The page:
Top Ten Major League Baseball Stadiums
May 22, 2013
By WeatherBug Sr. Meteorologist, Julie Gaddy
Baseball is in full swing heading into the Memorial Day Weekend. Several new ballparks have been built over the last decade, but how do they compare to the classic stadiums of old? Below is a subjective list of the Top 10 baseball stadiums. If you want to weigh in with your opinion, just tweet to @weatherbug using #wxbugbaseball
Wrigley Field, Chicago -- Opened in 1914, traditions such as the manual scoreboard, ivy growing along the outfield wall, and singing "Take Me Out to the Ballgame" bring out the charm of this historic ballpark. Lights were added in 1988, but most games are still played during the daylight hours. You can even catch the game from the rooftops of the adjacent apartment buildings.
Safeco Field, Seattle -- The retractable roof serves as an umbrella for those frequent bouts of precipitation while still allowing fresh and comfortable air from the outside.
Oriole Park at Camden Yards, Baltimore -- Opened in 1992, no park captures classic architecture with modern amenities quite like this park. Be sure to sample the famous, tasty crab cakes.
AT&T Park, San Francisco -- It`s been known by several corporate names over the years, but the outstanding view of the Bay hasn`t changed one bit. Where else can a batter hit a homerun directly into a body of water where fans wait expectantly in kayaks and boats?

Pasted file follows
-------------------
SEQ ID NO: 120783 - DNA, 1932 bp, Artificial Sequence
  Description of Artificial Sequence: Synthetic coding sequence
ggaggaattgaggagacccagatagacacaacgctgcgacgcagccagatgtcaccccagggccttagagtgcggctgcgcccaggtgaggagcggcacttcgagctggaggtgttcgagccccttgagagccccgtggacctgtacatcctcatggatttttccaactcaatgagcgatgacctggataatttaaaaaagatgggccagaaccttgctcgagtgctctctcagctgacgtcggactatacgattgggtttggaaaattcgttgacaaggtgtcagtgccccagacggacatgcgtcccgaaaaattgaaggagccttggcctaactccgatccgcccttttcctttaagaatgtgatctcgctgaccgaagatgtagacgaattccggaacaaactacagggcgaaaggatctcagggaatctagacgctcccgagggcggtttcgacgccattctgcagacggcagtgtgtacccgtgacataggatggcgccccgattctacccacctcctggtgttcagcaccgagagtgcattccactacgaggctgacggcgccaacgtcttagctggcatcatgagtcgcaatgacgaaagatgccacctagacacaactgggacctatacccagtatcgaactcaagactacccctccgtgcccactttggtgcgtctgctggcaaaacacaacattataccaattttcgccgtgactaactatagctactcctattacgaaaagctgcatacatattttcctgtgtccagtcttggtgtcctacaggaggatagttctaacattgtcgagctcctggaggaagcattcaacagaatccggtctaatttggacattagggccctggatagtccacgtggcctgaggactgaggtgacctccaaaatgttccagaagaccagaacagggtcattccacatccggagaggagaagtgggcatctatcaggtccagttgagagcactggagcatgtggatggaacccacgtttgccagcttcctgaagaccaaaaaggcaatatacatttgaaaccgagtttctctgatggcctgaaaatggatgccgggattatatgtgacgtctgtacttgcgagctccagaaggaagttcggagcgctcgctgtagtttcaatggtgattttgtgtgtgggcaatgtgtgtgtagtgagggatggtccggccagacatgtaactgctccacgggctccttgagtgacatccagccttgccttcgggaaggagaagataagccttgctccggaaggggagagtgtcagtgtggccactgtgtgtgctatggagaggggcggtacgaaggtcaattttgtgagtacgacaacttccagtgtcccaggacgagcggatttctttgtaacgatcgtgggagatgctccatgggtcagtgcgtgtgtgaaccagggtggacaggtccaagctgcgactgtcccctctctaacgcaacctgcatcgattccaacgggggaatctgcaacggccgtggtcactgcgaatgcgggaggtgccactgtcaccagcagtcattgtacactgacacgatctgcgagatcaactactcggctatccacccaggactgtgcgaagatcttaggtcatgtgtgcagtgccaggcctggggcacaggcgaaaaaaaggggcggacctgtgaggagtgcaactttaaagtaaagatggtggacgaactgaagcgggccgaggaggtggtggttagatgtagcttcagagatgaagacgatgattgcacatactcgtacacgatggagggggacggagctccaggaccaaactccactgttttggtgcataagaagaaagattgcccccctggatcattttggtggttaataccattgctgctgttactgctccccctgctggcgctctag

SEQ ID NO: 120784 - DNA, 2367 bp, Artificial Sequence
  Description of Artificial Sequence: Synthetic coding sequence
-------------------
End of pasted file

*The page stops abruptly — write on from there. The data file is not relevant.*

Coors Field, Denver -- Home to the Colorado Rockies since 1995, the Rocky Mountains provide picturesque views from most seats in this National League park.
PNC Park, Pittsburgh -- This stadium is an architectual delight set in the midst of downtown near the confluence of the three rivers.
Marlins Ballpark, Miami -- Opened in 2012, this newest of MLB stadiums finally offers relief from the humidity and thunderstorms common to South Florida thanks to a retractable roof. The energy-efficient design helped this building become the first LEED Gold certified MLB stadium.
PETCO Park, San Diego -- What better way to watch baseball than on the beach! For just $5, fans can watch the game and grab a tan.
Fenway Park, Boston -- Some may say this oldest of MLB stadiums should have been replaced, but the historic value of the Green Monster and Pesky`s Pole is hard to beat.
Kauffman Stadium, Kansas City -- If you love waterfalls and fountains, then this is the stadium for you. A 322-foot long display lies behind the right field fence.
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